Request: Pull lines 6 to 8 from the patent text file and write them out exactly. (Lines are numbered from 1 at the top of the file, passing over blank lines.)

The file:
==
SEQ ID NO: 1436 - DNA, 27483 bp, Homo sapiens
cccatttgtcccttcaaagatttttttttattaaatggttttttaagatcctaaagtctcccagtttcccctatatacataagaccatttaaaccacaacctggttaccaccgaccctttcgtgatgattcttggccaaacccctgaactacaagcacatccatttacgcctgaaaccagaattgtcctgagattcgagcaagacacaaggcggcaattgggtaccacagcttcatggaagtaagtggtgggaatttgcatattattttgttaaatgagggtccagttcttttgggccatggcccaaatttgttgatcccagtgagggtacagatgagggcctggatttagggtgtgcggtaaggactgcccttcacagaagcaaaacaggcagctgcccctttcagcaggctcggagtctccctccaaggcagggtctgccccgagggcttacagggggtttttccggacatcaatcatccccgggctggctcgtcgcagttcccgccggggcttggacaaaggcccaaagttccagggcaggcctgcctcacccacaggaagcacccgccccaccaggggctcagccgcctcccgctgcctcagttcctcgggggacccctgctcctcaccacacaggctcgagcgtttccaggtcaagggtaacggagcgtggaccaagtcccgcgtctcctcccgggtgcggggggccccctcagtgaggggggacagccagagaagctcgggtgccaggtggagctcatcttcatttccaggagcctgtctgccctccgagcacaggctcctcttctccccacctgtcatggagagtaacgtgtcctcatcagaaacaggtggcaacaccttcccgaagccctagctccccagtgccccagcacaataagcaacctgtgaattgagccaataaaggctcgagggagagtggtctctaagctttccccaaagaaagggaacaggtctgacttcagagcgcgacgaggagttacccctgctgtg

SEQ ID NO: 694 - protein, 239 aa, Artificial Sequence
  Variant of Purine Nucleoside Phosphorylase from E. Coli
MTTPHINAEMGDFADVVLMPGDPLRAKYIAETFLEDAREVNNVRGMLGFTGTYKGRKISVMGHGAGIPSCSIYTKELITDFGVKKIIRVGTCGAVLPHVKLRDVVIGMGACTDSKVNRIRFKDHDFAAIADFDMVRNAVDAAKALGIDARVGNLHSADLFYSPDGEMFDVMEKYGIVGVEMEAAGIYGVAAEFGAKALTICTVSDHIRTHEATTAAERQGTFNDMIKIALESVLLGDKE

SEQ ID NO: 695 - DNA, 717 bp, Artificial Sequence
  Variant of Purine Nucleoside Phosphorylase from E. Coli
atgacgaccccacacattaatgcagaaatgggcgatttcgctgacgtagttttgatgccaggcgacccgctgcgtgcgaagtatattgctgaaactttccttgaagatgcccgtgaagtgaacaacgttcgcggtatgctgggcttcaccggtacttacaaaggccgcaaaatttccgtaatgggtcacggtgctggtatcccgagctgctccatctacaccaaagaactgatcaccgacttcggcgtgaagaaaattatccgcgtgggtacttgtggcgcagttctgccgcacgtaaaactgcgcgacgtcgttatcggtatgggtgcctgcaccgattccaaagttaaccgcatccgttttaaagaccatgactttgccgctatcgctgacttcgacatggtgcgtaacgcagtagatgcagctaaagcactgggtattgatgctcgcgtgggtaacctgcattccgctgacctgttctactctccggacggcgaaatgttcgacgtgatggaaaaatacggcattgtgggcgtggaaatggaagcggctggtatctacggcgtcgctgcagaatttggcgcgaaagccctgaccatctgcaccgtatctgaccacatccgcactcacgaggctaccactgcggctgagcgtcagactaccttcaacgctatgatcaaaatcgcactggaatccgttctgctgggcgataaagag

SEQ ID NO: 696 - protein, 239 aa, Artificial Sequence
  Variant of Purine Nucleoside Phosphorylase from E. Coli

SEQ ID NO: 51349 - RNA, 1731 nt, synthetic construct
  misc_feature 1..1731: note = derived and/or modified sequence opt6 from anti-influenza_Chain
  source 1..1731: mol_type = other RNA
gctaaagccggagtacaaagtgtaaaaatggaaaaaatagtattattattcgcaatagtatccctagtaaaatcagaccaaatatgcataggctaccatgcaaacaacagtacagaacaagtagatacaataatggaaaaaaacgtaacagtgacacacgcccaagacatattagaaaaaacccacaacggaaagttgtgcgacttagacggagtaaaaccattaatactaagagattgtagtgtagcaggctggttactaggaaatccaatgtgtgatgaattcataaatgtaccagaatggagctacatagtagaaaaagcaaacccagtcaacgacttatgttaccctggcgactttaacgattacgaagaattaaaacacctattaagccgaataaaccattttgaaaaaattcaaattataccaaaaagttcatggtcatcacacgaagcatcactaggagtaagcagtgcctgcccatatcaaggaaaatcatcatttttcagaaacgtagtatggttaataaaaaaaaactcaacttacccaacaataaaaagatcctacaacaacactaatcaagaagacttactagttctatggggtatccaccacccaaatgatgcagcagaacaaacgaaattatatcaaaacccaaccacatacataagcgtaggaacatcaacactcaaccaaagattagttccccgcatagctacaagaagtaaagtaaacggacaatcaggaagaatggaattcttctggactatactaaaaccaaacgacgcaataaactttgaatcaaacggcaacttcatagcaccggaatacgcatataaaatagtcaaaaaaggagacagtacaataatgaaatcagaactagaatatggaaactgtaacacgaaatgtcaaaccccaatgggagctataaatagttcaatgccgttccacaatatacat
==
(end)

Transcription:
SEQ ID NO: 695 - DNA, 717 bp, Artificial Sequence
  Variant of Purine Nucleoside Phosphorylase from E. Coli
atgacgaccccacacattaatgcagaaatgggcgatttcgctgacgtagttttgatgccaggcgacccgctgcgtgcgaagtatattgctgaaactttccttgaagatgcccgtgaagtgaacaacgttcgcggtatgctgggcttcaccggtacttacaaaggccgcaaaatttccgtaatgggtcacggtgctggtatcccgagctgctccatctacaccaaagaactgatcaccgacttcggcgtgaagaaaattatccgcgtgggtacttgtggcgcagttctgccgcacgtaaaactgcgcgacgtcgttatcggtatgggtgcctgcaccgattccaaagttaaccgcatccgttttaaagaccatgactttgccgctatcgctgacttcgacatggtgcgtaacgcagtagatgcagctaaagcactgggtattgatgctcgcgtgggtaacctgcattccgctgacctgttctactctccggacggcgaaatgttcgacgtgatggaaaaatacggcattgtgggcgtggaaatggaagcggctggtatctacggcgtcgctgcagaatttggcgcgaaagccctgaccatctgcaccgtatctgaccacatccgcactcacgaggctaccactgcggctgagcgtcagactaccttcaacgctatgatcaaaatcgcactggaatccgttctgctgggcgataaagag